The lads from Rizzle Kicks are back for more with another album and a UK tour and are looking to keep it fresh for their fans.
Second album ‘Roaring 20s’ hit the shelves this month and last week they embarked on the first leg of their 21 date tour which takes them up and down the land.
Jordan Stephens, one half of the young duo with childhood pal Harley Alexander-Sule, is looking forward to hitting the road.
He said: “We’ve done really well to sell the tour as quickly as we have done.
“We’ve sold well all over the country, and I think there’s been a wave of difficulty and decline for some artists in the past year. People aren’t buying tickets as much as they used to. So yeah, we’re really excited and pleased to have done what we’ve done.”
To mark the achievement, they’ve added a saxophone player and DJ to their live band and the stage design will be more elaborate than the “little boring ramp” they had last time.
“We need to make it more of a show at every step. There are going to be a lot of fans who’ve seen us before and we don’t want to make it the same for them.”
Their debut, ‘Stereo Typical’, released in late 2011, spawned six singles, including ‘Mama Do The Hump’ and ‘Down With The Trumpets’, eventually going on to sell around 300,000 copies.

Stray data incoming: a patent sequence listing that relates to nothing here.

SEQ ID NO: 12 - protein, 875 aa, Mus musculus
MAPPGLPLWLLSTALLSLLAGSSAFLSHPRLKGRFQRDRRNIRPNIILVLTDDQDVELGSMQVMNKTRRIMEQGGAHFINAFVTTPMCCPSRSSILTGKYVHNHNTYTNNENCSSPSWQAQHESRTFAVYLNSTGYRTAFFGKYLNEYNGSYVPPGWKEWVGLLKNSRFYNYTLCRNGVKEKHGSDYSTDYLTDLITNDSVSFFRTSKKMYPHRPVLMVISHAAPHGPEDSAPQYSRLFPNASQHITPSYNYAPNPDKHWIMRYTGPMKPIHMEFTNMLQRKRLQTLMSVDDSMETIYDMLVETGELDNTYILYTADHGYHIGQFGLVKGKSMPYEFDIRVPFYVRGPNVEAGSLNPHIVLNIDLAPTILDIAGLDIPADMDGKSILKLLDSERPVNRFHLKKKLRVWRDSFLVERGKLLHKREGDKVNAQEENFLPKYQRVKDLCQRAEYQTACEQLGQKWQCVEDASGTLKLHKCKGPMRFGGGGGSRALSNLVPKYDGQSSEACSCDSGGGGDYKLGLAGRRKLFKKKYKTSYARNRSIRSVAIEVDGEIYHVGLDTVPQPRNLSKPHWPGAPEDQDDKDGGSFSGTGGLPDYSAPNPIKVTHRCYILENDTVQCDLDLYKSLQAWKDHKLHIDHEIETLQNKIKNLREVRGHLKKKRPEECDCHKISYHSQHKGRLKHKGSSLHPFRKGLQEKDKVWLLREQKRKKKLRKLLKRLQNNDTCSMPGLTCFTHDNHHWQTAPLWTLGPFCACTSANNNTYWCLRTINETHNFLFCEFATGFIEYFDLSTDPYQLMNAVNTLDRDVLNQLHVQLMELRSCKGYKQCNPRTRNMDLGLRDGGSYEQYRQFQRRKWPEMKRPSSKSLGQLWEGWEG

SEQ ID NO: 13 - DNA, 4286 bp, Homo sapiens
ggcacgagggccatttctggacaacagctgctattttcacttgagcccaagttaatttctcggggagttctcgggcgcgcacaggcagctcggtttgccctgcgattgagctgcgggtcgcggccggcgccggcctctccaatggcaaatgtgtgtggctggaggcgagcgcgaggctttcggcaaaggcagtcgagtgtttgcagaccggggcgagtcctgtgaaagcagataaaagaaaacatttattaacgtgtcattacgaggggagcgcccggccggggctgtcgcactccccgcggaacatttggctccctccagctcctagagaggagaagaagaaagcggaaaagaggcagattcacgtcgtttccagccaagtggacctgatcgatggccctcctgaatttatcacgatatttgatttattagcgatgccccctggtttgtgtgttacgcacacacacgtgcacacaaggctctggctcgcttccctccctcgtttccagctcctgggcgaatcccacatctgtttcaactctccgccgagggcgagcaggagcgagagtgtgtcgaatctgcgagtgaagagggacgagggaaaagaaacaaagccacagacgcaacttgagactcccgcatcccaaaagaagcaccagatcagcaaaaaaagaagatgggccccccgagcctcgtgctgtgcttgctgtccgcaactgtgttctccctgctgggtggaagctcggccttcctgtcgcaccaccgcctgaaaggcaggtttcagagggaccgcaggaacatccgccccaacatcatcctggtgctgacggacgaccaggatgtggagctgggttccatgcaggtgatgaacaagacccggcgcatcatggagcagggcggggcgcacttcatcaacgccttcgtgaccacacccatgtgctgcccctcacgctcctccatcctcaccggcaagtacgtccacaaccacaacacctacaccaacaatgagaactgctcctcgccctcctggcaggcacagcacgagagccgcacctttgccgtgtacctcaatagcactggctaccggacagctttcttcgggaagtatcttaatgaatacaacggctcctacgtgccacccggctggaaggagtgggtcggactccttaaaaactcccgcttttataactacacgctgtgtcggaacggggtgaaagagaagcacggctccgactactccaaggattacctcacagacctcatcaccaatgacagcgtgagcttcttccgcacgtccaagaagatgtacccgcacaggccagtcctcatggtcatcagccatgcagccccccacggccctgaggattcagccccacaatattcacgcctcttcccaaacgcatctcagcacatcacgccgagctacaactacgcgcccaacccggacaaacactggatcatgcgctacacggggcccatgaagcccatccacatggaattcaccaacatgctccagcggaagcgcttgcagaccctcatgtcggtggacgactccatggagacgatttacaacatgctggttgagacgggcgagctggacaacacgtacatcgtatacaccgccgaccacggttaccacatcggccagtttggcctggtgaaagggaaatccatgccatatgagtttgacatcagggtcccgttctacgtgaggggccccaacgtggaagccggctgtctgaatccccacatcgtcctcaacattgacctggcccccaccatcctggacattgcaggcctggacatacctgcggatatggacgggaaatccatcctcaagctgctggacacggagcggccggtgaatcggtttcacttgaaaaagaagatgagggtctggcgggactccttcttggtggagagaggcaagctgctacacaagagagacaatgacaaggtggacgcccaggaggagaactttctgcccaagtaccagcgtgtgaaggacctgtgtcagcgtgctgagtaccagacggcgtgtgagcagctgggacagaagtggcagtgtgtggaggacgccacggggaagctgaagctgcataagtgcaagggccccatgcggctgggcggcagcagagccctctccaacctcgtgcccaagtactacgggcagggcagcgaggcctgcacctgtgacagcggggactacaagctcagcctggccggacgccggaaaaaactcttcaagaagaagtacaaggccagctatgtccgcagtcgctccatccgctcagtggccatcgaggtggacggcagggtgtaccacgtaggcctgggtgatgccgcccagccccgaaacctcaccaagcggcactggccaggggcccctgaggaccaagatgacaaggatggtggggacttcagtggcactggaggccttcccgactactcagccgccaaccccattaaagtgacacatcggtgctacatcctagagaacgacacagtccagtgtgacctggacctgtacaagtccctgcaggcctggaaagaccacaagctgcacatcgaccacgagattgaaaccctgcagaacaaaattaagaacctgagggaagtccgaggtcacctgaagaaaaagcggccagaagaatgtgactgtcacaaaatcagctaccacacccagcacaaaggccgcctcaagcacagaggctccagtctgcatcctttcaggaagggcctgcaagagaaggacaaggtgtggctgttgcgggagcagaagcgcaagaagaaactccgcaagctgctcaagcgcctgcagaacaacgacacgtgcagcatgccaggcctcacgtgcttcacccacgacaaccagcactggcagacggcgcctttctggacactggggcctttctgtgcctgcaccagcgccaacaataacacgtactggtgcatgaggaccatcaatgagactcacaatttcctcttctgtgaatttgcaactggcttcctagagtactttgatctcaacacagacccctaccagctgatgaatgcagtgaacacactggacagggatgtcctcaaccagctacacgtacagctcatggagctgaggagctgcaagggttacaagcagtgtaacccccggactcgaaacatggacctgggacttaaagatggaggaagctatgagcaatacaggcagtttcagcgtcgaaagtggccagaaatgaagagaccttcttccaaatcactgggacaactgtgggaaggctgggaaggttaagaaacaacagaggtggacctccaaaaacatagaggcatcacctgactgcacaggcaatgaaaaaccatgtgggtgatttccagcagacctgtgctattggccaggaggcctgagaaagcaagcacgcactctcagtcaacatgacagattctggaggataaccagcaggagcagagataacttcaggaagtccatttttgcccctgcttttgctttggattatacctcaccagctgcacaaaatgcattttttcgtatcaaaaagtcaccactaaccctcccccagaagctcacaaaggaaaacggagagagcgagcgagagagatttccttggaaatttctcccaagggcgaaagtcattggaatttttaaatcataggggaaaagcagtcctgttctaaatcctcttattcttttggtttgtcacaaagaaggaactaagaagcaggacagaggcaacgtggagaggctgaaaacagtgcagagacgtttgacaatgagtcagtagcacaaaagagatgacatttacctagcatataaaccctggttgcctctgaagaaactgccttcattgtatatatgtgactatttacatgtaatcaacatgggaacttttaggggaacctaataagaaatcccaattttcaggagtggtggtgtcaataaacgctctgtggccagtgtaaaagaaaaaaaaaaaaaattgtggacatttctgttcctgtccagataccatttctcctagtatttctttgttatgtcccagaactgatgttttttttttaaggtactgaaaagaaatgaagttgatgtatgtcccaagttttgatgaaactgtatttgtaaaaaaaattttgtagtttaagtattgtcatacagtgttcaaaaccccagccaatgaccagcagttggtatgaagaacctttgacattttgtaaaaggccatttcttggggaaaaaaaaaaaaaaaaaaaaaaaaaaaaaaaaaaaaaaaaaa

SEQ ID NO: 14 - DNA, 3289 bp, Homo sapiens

When it came time to record ‘Roaring 20s’, they again teamed up with Norman ‘Fatboy Slim’ Cook who had helped on the first record.
“It’s amazing to have a strong connection with that kind of guy,” said Alexander-Sule.
“He’s not only a legend in his own right, but also a Brighton legend. When we made our first record, he hadn’t made any music for about 10 years, so he was worried he couldn’t do it, and wondered why we wanted to work with him. We said ‘Err, because you’re Fatboy Slim!’ We were more worried about tarnishing his image but we didn’t.”
But it’s the unique experience of touring which is captivating the boys just now.
“It’s because you’re in this little bubble where the same thing happens every day, except you’re in a different place each day. That’s a unique experience when you think about it,” says Stephens.
“I wake up when someone tells me to, they then tell me where I can eat and what I can eat, and I can either do as they say, watch a film or sleep for a bit longer. Then the evening comes, we go on stage, loads of people are happy and then we’re on a tour bus with our friends, ready to do the same thing all over again the next day. How is that not amazing?”